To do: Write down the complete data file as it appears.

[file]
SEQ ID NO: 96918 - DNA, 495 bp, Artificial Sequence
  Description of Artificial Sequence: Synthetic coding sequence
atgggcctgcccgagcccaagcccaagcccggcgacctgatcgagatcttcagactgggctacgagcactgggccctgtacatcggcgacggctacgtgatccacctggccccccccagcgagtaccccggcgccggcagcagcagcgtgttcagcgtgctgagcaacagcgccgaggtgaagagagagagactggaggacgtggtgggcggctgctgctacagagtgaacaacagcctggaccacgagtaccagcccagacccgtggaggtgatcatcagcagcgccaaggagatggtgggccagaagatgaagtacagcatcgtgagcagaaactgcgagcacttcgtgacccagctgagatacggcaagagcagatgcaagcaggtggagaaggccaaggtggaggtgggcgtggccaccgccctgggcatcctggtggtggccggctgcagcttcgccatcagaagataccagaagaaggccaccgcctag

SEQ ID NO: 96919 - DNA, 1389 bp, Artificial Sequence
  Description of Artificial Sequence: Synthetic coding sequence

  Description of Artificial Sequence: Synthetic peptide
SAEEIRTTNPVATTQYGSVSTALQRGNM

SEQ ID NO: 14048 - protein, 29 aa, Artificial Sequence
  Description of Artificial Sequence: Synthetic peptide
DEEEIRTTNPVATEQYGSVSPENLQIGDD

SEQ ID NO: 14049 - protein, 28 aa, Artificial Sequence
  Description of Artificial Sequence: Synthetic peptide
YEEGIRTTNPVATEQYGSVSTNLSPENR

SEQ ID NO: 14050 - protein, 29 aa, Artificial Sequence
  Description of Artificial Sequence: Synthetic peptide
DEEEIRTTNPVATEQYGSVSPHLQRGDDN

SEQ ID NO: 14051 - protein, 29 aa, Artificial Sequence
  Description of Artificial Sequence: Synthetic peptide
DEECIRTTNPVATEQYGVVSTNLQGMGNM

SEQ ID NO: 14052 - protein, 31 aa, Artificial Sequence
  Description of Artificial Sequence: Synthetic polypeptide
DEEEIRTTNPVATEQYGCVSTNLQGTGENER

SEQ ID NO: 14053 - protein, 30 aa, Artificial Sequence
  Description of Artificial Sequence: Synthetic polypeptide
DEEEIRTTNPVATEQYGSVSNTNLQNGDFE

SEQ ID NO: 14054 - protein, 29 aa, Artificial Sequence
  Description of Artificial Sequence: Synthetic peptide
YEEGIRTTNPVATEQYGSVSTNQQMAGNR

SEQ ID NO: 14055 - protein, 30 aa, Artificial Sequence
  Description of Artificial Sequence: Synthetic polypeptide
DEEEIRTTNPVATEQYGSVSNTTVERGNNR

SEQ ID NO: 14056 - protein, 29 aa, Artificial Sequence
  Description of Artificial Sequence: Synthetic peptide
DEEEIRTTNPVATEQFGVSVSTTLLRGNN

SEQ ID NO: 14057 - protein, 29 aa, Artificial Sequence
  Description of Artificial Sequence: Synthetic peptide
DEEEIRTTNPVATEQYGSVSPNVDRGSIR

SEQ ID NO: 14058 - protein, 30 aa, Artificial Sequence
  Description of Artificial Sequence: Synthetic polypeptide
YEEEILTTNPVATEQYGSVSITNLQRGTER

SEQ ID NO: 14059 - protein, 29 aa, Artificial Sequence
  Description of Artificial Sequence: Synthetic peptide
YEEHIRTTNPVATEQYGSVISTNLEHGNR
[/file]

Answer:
SEQ ID NO: 96918 - DNA, 495 bp, Artificial Sequence
  Description of Artificial Sequence: Synthetic coding sequence
atgggcctgcccgagcccaagcccaagcccggcgacctgatcgagatcttcagactgggctacgagcactgggccctgtacatcggcgacggctacgtgatccacctggccccccccagcgagtaccccggcgccggcagcagcagcgtgttcagcgtgctgagcaacagcgccgaggtgaagagagagagactggaggacgtggtgggcggctgctgctacagagtgaacaacagcctggaccacgagtaccagcccagacccgtggaggtgatcatcagcagcgccaaggagatggtgggccagaagatgaagtacagcatcgtgagcagaaactgcgagcacttcgtgacccagctgagatacggcaagagcagatgcaagcaggtggagaaggccaaggtggaggtgggcgtggccaccgccctgggcatcctggtggtggccggctgcagcttcgccatcagaagataccagaagaaggccaccgcctag

SEQ ID NO: 96919 - DNA, 1389 bp, Artificial Sequence
  Description of Artificial Sequence: Synthetic coding sequence

  Description of Artificial Sequence: Synthetic peptide
SAEEIRTTNPVATTQYGSVSTALQRGNM

SEQ ID NO: 14048 - protein, 29 aa, Artificial Sequence
  Description of Artificial Sequence: Synthetic peptide
DEEEIRTTNPVATEQYGSVSPENLQIGDD

SEQ ID NO: 14049 - protein, 28 aa, Artificial Sequence
  Description of Artificial Sequence: Synthetic peptide
YEEGIRTTNPVATEQYGSVSTNLSPENR

SEQ ID NO: 14050 - protein, 29 aa, Artificial Sequence
  Description of Artificial Sequence: Synthetic peptide
DEEEIRTTNPVATEQYGSVSPHLQRGDDN

SEQ ID NO: 14051 - protein, 29 aa, Artificial Sequence
  Description of Artificial Sequence: Synthetic peptide
DEECIRTTNPVATEQYGVVSTNLQGMGNM

SEQ ID NO: 14052 - protein, 31 aa, Artificial Sequence
  Description of Artificial Sequence: Synthetic polypeptide
DEEEIRTTNPVATEQYGCVSTNLQGTGENER

SEQ ID NO: 14053 - protein, 30 aa, Artificial Sequence
  Description of Artificial Sequence: Synthetic polypeptide
DEEEIRTTNPVATEQYGSVSNTNLQNGDFE

SEQ ID NO: 14054 - protein, 29 aa, Artificial Sequence
  Description of Artificial Sequence: Synthetic peptide
YEEGIRTTNPVATEQYGSVSTNQQMAGNR

SEQ ID NO: 14055 - protein, 30 aa, Artificial Sequence
  Description of Artificial Sequence: Synthetic polypeptide
DEEEIRTTNPVATEQYGSVSNTTVERGNNR

SEQ ID NO: 14056 - protein, 29 aa, Artificial Sequence
  Description of Artificial Sequence: Synthetic peptide
DEEEIRTTNPVATEQFGVSVSTTLLRGNN

SEQ ID NO: 14057 - protein, 29 aa, Artificial Sequence
  Description of Artificial Sequence: Synthetic peptide
DEEEIRTTNPVATEQYGSVSPNVDRGSIR

SEQ ID NO: 14058 - protein, 30 aa, Artificial Sequence
  Description of Artificial Sequence: Synthetic polypeptide
YEEEILTTNPVATEQYGSVSITNLQRGTER

SEQ ID NO: 14059 - protein, 29 aa, Artificial Sequence
  Description of Artificial Sequence: Synthetic peptide
YEEHIRTTNPVATEQYGSVISTNLEHGNR